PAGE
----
Upon arriving at the home of local filmmaker Brian Grimm, I immediately become a welcomed guest. His eyes glisten with excitement as he takes me through various rooms and shows me equipment he used to create his documentary, “Racial Taboo,” which will premiere at City Stage on September 27th. He points to texts that have inspired him to make the film, and he seems eager to not only promote it but to get to know me.
And that is where Grimm triumphs: He is a personable guy who genuinely loves people and the stories they have to share. It is a personality trait—which becomes apparent within minutes of meeting him—that transcends to his work. Grimm exhibits a unique curiosity about the world, something which lured him three years ago to create a film about race in our society. “Racial Taboo” explores prejudices which have crippled people since the days of slavery. It delves into oppression created by a white-dominated society, and examines the historical inaccuracies taught in schools, which veil the implications of white privilege. Just as importantly, the film seeks to answer why people are so afraid to candidly discuss racial issues.
Grimm reasons that race exemplifies an area of concern that white people cannot control; as a result, they choose not to discuss it, despite the black community’s desire to address the after-effects of the issues and move forward. In order for progress to be made, boundaries must be eradicated; “Racial Taboo” aims to do such.
“Initially in 2009, when we were in the depths of the recession, I wondered what was going to happen to people that were already living in poverty and could not find a job,” Grimm says. “I was curious why 25 percent of black America lives at or below the poverty level, and why they historically have double the unemployment of white people? But who could I talk to? I didn’t know any black people—and, as it turns out, neither did any of my liberal friends. I was very afraid to talk about these subjects with black people. I wanted to know why.”
What turned into a three-year journey, continues today. Grimm uses film as a facilitator for his investigations. “I believe that it is TV and film that continue to reinforce the perceptions that were created by slavery and Jim Crow,” he notes. “So, it is film that will be the most effective way to change these perceptions going forward. Watching ‘Racial Taboo’ changes people’s perceptions—you cannot ‘unsee’ or ‘unhear’ something.”
Grimm’s experience provides new perspectives on society. Or, at least, the movie will give people something to relate to on some level.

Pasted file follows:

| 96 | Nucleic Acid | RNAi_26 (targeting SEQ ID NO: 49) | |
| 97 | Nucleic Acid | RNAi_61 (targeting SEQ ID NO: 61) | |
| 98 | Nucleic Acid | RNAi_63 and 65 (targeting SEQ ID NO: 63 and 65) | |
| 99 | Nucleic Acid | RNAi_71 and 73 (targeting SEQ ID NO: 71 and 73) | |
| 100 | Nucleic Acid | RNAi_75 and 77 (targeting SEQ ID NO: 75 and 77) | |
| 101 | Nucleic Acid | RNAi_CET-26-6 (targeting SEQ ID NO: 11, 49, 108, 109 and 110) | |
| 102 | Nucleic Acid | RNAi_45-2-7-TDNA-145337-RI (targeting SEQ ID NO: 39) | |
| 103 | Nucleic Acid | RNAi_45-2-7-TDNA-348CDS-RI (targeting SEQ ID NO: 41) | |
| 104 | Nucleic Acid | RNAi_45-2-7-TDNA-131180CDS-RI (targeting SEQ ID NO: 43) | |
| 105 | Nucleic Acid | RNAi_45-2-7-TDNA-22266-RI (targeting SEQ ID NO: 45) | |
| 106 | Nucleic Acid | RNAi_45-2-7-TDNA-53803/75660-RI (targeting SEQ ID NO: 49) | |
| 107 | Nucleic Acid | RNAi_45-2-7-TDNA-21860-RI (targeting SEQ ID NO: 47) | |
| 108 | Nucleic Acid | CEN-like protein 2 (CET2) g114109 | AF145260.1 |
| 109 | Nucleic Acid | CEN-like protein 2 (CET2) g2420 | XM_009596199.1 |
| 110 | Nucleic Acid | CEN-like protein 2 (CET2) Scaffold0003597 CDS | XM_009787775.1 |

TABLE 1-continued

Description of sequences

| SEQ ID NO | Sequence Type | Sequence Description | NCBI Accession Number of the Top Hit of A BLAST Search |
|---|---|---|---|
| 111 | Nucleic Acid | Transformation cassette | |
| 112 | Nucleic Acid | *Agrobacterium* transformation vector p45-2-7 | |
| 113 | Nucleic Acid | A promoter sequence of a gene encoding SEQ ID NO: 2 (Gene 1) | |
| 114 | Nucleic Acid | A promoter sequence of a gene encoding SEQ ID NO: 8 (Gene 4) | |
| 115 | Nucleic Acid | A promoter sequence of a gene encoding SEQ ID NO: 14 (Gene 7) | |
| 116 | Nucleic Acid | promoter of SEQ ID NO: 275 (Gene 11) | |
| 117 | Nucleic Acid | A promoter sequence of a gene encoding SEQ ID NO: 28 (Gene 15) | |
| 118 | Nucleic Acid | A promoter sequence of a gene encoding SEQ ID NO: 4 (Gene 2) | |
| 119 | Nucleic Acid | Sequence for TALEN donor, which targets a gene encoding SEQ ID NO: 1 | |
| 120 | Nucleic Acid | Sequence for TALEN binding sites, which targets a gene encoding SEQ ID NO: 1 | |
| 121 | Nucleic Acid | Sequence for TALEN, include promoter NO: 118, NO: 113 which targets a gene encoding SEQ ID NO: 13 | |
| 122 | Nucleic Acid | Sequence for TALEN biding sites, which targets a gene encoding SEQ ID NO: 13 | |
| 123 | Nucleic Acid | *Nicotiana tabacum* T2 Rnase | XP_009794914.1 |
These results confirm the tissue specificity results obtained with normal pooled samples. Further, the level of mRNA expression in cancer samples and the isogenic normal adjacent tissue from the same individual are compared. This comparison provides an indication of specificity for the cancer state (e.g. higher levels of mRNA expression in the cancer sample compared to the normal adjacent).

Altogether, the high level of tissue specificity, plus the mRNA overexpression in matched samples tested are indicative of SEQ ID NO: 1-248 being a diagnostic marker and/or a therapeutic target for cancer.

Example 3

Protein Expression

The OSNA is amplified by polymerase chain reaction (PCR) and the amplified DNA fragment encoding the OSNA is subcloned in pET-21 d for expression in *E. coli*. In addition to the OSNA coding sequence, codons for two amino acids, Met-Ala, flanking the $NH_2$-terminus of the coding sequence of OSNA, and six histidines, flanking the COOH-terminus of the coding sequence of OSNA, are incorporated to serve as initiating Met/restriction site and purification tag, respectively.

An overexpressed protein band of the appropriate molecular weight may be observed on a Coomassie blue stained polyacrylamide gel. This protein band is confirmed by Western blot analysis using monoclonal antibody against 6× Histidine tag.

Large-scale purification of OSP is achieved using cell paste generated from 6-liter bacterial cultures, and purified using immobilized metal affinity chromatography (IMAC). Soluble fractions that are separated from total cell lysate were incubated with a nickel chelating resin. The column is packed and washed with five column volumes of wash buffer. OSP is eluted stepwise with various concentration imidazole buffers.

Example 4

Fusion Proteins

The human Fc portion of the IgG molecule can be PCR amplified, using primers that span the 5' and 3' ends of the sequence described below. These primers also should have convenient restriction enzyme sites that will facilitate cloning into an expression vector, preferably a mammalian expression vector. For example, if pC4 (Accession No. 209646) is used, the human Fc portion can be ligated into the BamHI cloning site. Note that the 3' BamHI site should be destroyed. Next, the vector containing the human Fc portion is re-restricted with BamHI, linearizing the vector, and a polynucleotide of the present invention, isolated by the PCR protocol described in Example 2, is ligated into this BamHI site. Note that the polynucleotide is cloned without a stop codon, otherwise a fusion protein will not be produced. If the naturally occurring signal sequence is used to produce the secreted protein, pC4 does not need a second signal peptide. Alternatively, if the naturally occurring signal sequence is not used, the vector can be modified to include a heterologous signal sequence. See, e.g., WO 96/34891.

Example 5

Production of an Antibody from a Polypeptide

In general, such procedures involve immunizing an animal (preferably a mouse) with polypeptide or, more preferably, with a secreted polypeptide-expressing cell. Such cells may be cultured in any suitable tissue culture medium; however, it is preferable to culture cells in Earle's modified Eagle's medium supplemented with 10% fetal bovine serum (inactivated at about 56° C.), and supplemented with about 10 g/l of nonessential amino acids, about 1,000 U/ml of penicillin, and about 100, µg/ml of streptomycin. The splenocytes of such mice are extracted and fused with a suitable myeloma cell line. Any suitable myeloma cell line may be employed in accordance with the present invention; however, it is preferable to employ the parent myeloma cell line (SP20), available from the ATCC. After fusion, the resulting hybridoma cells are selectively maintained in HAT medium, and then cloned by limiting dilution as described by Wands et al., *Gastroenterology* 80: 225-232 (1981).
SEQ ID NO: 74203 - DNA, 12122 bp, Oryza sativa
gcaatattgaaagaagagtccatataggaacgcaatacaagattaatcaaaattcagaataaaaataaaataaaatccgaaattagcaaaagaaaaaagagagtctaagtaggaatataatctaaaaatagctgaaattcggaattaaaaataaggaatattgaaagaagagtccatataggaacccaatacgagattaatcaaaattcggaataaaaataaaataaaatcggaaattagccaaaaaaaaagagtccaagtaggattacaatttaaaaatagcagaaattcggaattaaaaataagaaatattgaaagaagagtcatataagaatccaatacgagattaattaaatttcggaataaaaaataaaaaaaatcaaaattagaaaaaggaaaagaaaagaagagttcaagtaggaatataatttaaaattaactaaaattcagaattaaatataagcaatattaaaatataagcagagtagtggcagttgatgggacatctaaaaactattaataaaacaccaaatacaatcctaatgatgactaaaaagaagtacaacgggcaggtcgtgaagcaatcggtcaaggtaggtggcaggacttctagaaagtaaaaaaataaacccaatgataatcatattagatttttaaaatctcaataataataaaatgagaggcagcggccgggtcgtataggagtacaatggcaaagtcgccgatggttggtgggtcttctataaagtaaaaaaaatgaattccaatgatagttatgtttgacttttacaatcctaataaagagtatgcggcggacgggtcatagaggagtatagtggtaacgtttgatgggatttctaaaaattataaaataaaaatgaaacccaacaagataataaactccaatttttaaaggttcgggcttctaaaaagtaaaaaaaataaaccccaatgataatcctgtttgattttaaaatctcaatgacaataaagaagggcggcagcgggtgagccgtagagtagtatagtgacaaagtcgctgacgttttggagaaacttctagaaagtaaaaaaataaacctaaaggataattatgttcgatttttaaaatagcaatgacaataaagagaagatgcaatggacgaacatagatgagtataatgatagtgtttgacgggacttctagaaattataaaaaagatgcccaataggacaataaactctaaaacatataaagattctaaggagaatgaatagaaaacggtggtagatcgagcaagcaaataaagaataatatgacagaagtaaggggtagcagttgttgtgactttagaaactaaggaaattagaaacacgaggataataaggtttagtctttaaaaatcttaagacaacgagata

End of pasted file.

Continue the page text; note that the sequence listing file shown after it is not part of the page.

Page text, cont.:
“I had the opportunity to challenge many of my life-long beliefs and assumptions about black culture,” he says. “As a white person, I thought that the rest of the world thought like me. Understanding that white privilege is real was disturbing—not because it exists, but because it persists.”
Grimm urges people to admit their own prejudices and use them as a starting point for growth. He says facing his own prejudices, upon being asked about them, remains eye-opening.
“When I found the courage to say, ‘yes,’ my experience was that black people trusted me because now there is a basis for an honest relationship,” Grimm explains. “After over 150 interviews no one has shamed me for being prejudiced; I feared that for a long time for nothing. I found black culture to be incredibly understanding and forgiving.”
So far Grimm’s screening of the film has resulted in his hopes: to prompt open discussions among audience members. “Racial Taboo” has shown at the International Civil Rights Center and Museum in Greensboro, North Carolina. Grimm also routinely plays the film for test audiences and members of the media, with hopes of perfecting the film in its ability to spark and carry forth dialogue. Locally, the film has garnered the attention and support of Mayor Bill Saffo, Deborah Maxwell (President of the New Hanover County NAACP), Ben David (District Attorney for New Hanover and Pender Counties), Samuel Ibrahim (New Hanover County Republican Party Chairman), and Richard Poole (New Hanover County Democratic Party Chairman).
“Racial Taboo” will become available at all New Hanover County public libraries beginning October 1st. Grimm wants to someday make the film available online for free; he says it will happen once the film reaches 5,000 likes on Facebook, and when donations/purchases reach one-third of the production cost, which is around $25,000. People interested in contributing can donate $200 and become a credited “executive producer” (on the online version), or donate between $20 and $199 and become listed as a “co-executive producer” (on the online version). T-shirts and DVDs are also available for purchase.
The premiere of “Racial Taboo” at City Stage will also feature stand-up comedy by national-touring comedians Kyle Grooms and Dustin Chafin. Grooms has seen the film and really took to Grimm’s personality. More so, he enjoys shedding a light on sensitive issues with the use of comedy as a cushion. “I think humor is a way of adding a little sugar to it,” Grooms says. “[The subject of race] is bitter but it’s still the truth.”
Tickets for the event can be purchased on the film’s website (racialtaboo.com). Grimm asks attendees to bring canned food items or baby formula to the premiere to donate to a local food bank. More importantly, he asks: “Try to have an open mind for 53 minutes and 23 seconds, and then talk about it.” There will be a political roundtable, including Mayor Saffo, Ben David and the NAACP, after the screening.
‘Racial Taboo’ screening; comedy
w/Kyle Grooms & Dustin Chafin
City Stage, 21 N Front St.
September 27th-28th, 7 p.m.
$12 adv or $15/door